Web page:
High Uric Acid

Elevation of blood Uric acid levels is now considered as the key to the development of metabolic syndrome, particularly cardiovascular disease, hypertension and inflammatory status. In recent years, it is becoming clearer that elevation of uric acid is linked to the consumption of fructose in various food types, and therefore, dietary restriction plays a very important role in regulating serum uric acid and the problems associated with its elevation.

Relationship between high-fructose diet, generation of hyperuricemia and resulting metabolic syndrome [See]
Complex interaction of uric acid, components of metabolic syndrome and cardiovascular disease [See]

Kanbay M, Jensen T, Solak Y, Le M, Roncal-Jimenez C, Rivard C, Lanaspa MA, Nakagawa T, Johnson RJ. Uric acid in metabolic syndrome: From an innocent bystander to a central player. Eur J Intern Med. 2016 Apr;29:3-8. doi: 10.1016/j.ejim.2015.11.026.Available at https://www.ncbi.nlm.nih.gov/pmc/articles/pmid/26703429/

Fructose Worsens Gout: Consumption of soft drinks sweetened with sugar and fructose is strongly associated with an increased risk for gout, according to the results of a prospective cohort study reported in the February 1 Online First issue of the BMJ. This was a 12-year follow-up study of 46,393 health professionals without a previous history of gout and the goal was to assess the relationship between consumption of sugar-sweetened soft drinks and fructose and the risk for incident gout. See Sweet Soft Drinks, Fructose Linked to Increased Risk for Gout. Available at http://www.medscape.com/viewarticle/569656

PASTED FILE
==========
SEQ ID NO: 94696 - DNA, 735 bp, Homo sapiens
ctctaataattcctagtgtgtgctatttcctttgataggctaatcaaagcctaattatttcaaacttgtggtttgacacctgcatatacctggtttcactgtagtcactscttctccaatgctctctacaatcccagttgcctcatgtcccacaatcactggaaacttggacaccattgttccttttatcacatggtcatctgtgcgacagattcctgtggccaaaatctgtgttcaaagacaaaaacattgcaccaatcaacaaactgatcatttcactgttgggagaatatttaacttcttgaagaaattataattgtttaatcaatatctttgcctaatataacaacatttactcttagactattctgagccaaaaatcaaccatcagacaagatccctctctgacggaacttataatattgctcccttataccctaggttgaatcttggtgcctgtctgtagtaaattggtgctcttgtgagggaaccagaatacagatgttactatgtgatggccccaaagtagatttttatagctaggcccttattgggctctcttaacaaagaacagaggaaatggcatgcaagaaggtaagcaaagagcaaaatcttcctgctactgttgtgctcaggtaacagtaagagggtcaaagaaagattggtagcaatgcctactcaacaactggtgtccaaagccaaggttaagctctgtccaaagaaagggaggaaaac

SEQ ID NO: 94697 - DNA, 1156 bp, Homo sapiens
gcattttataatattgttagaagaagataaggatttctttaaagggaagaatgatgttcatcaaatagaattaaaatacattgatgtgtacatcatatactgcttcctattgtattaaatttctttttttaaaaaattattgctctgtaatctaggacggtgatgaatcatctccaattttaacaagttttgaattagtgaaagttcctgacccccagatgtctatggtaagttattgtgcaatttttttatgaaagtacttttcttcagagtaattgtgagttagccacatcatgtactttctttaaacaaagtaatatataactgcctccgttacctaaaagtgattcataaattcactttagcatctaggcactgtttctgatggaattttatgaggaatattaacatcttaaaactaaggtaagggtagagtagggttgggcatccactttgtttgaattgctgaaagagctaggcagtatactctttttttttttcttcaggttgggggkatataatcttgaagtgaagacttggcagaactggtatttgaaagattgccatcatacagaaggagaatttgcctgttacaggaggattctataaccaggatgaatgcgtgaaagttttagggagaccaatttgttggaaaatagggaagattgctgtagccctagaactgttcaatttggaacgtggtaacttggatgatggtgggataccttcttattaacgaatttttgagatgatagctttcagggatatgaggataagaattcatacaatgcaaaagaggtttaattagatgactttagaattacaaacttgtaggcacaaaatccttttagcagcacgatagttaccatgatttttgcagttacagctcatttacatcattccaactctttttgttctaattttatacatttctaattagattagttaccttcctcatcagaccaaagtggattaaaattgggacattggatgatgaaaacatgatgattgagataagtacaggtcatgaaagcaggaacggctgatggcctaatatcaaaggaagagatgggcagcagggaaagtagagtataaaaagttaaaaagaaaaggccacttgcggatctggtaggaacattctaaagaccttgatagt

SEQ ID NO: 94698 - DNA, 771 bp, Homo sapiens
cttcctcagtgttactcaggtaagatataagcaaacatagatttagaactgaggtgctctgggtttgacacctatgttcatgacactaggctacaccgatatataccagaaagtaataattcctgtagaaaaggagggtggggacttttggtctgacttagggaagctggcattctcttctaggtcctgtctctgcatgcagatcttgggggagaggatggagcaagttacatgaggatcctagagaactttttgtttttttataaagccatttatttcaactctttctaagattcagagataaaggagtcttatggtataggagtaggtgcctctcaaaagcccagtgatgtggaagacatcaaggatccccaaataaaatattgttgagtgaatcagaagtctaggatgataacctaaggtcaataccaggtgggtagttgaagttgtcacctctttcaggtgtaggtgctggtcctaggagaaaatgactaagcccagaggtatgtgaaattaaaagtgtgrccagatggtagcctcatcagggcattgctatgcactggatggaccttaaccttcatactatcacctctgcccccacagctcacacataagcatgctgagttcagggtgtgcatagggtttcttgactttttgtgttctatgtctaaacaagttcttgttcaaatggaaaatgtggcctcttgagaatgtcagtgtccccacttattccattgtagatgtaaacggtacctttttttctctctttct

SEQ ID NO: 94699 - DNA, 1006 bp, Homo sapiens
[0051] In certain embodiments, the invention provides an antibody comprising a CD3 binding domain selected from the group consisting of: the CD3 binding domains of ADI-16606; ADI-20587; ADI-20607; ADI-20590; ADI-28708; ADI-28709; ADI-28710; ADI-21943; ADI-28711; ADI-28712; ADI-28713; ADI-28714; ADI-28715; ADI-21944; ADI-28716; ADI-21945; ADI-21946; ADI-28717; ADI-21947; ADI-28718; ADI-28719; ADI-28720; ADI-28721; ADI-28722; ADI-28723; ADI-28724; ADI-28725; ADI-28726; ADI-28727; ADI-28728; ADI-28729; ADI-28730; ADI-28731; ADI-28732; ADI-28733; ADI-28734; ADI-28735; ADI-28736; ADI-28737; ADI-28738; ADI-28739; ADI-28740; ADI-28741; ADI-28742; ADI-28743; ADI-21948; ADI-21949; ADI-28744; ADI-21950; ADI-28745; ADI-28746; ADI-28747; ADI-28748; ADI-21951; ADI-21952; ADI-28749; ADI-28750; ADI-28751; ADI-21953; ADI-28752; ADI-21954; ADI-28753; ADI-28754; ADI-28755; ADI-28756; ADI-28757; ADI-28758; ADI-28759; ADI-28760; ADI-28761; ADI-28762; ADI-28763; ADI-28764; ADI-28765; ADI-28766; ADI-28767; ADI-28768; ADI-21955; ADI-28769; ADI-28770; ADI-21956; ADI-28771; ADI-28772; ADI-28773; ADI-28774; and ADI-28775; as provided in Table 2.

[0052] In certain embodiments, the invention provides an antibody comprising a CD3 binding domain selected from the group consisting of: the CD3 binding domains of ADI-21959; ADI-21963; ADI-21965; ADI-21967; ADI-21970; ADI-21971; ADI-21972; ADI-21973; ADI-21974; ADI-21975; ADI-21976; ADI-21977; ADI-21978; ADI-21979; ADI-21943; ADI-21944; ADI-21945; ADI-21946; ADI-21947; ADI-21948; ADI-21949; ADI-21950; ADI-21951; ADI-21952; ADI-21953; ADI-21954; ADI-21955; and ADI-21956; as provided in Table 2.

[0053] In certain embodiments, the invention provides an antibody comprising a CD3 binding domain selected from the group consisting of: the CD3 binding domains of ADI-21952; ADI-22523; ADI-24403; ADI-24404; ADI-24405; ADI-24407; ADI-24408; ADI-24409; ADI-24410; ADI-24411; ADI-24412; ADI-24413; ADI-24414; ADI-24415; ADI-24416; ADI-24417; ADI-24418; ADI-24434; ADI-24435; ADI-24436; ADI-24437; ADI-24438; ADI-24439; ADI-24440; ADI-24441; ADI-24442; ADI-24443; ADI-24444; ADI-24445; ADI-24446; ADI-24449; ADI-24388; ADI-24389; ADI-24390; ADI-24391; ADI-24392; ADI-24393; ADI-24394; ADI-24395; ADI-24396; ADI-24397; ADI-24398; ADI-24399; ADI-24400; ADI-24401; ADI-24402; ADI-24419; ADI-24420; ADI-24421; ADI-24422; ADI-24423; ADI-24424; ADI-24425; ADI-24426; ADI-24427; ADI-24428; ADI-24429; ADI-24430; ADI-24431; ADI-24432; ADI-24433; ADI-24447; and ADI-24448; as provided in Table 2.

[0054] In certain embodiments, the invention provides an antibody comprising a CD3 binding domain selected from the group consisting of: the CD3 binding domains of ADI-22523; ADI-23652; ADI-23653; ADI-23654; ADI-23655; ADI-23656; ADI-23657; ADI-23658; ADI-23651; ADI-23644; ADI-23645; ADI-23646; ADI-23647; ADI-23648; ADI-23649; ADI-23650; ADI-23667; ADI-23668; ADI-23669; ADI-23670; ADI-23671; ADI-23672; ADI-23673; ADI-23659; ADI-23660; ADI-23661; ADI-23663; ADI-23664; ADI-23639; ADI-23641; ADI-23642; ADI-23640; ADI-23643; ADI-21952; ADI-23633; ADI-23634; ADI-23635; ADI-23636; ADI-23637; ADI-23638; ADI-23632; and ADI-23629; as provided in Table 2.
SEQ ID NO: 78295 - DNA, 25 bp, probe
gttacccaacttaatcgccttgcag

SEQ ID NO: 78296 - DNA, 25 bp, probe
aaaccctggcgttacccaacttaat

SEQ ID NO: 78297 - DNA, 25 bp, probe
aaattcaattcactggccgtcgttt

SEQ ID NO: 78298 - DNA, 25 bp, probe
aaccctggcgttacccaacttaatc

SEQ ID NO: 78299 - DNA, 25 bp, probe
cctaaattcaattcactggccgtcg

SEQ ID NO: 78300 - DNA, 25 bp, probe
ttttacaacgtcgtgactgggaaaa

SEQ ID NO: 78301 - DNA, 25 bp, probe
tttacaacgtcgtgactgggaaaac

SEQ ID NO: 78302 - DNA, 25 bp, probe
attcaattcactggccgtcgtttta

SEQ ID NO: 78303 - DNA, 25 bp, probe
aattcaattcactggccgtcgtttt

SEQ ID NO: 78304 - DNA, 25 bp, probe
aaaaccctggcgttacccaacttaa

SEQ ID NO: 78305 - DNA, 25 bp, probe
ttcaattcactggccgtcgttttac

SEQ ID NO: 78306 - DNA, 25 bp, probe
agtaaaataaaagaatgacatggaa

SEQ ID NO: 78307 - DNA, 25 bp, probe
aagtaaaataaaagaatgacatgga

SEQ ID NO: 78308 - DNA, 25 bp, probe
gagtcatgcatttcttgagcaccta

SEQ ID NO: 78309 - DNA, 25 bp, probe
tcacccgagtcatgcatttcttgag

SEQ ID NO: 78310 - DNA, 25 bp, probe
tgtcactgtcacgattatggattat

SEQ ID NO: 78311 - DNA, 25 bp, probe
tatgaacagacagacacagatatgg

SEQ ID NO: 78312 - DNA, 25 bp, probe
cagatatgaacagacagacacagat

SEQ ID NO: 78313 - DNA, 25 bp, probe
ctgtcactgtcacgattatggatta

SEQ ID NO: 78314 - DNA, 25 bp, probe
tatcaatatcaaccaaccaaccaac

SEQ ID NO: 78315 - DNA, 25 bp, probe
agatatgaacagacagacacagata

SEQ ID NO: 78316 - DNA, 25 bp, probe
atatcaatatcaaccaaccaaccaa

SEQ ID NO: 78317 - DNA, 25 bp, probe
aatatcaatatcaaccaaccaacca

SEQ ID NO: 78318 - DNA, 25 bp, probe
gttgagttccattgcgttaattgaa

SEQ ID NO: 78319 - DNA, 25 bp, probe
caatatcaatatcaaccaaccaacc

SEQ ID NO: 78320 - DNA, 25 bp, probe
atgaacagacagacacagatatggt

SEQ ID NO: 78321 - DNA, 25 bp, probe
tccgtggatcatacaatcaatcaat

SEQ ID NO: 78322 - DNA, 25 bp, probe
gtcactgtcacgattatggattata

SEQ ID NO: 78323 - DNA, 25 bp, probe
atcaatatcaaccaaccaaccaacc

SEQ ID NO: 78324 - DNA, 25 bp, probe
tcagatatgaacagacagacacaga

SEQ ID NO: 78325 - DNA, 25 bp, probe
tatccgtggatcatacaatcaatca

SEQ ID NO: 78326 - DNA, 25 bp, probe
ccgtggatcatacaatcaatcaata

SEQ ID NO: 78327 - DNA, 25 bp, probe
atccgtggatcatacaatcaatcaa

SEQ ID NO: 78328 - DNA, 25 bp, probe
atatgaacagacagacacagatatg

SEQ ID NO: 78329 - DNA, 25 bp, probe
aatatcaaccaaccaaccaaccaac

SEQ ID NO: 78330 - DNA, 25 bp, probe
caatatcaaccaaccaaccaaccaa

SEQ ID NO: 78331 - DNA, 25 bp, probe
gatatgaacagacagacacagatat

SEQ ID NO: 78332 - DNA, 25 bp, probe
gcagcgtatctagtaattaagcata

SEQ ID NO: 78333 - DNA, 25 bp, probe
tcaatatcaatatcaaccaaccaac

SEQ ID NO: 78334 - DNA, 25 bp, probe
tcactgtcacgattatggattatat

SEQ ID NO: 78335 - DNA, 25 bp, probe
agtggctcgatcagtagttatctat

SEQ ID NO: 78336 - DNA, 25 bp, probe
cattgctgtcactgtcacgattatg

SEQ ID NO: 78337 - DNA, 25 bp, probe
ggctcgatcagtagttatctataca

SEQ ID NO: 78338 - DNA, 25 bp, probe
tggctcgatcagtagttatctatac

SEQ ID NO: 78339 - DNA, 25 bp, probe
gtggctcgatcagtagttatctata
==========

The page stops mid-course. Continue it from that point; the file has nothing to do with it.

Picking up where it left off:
Raina S, Raina RK, Raina SK. Hyperuricemia: A risk factor beyond gout. J Obes Metab Res 2015;2:228-33. Available from: https://www.jomrjournal.org/text.asp?2015/2/4/228/170903

Jamnik J, Rehman S, Blanco Mejia S, et al. Fructose intake and risk of gout and hyperuricemia: a systematic review and meta-analysis of prospective cohort studies. BMJ Open. 2016;6(10):e013191. Published 2016 Oct 3. doi:10.1136/bmjopen-2016-013191. Available at https://www.ncbi.nlm.nih.gov/pmc/articles/PMC5073537/

Lecoultre V, Egli L, Theytaz F, Despland C, Schneiter P, Tappy L. Fructose-induced hyperuricemia is associated with a decreased renal uric acid excretion in humans. Diabetes Care. 2013;36(9):e149-e150. doi:10.2337/dc13-0866. Available at https://www.ncbi.nlm.nih.gov/pmc/articles/PMC3747900/

Sayehmiri K, Ahmadi I, Anvari E. Fructose Feeding and Hyperuricemia: a Systematic Review and Meta-Analysis. Clinical Nutrition Research. April 2020;9(2):122. DOI: 10.7762/cnr.2020.9.2.122 Available at https://www.researchgate.net/publication/341024202_Fructose_Feeding_and_Hyperuricemia_a_Systematic_Review_and_Meta-Analysis/fulltext/5ea97cff299bf18b9584ac4e/Fructose-Feeding-and-Hyperuricemia-a-Systematic-Review-and-Meta-Analysis.pdf

Nakagawa T, Hu H, Zharikov S, et al. A causal role for uric acid in fructose-induced metabolic syndrome. American Journal of Physiology-Renal Physiology. 2006;290(3):F625-F631. Available at https://journals.physiology.org/doi/abs/10.1152/ajprenal.00140.2005

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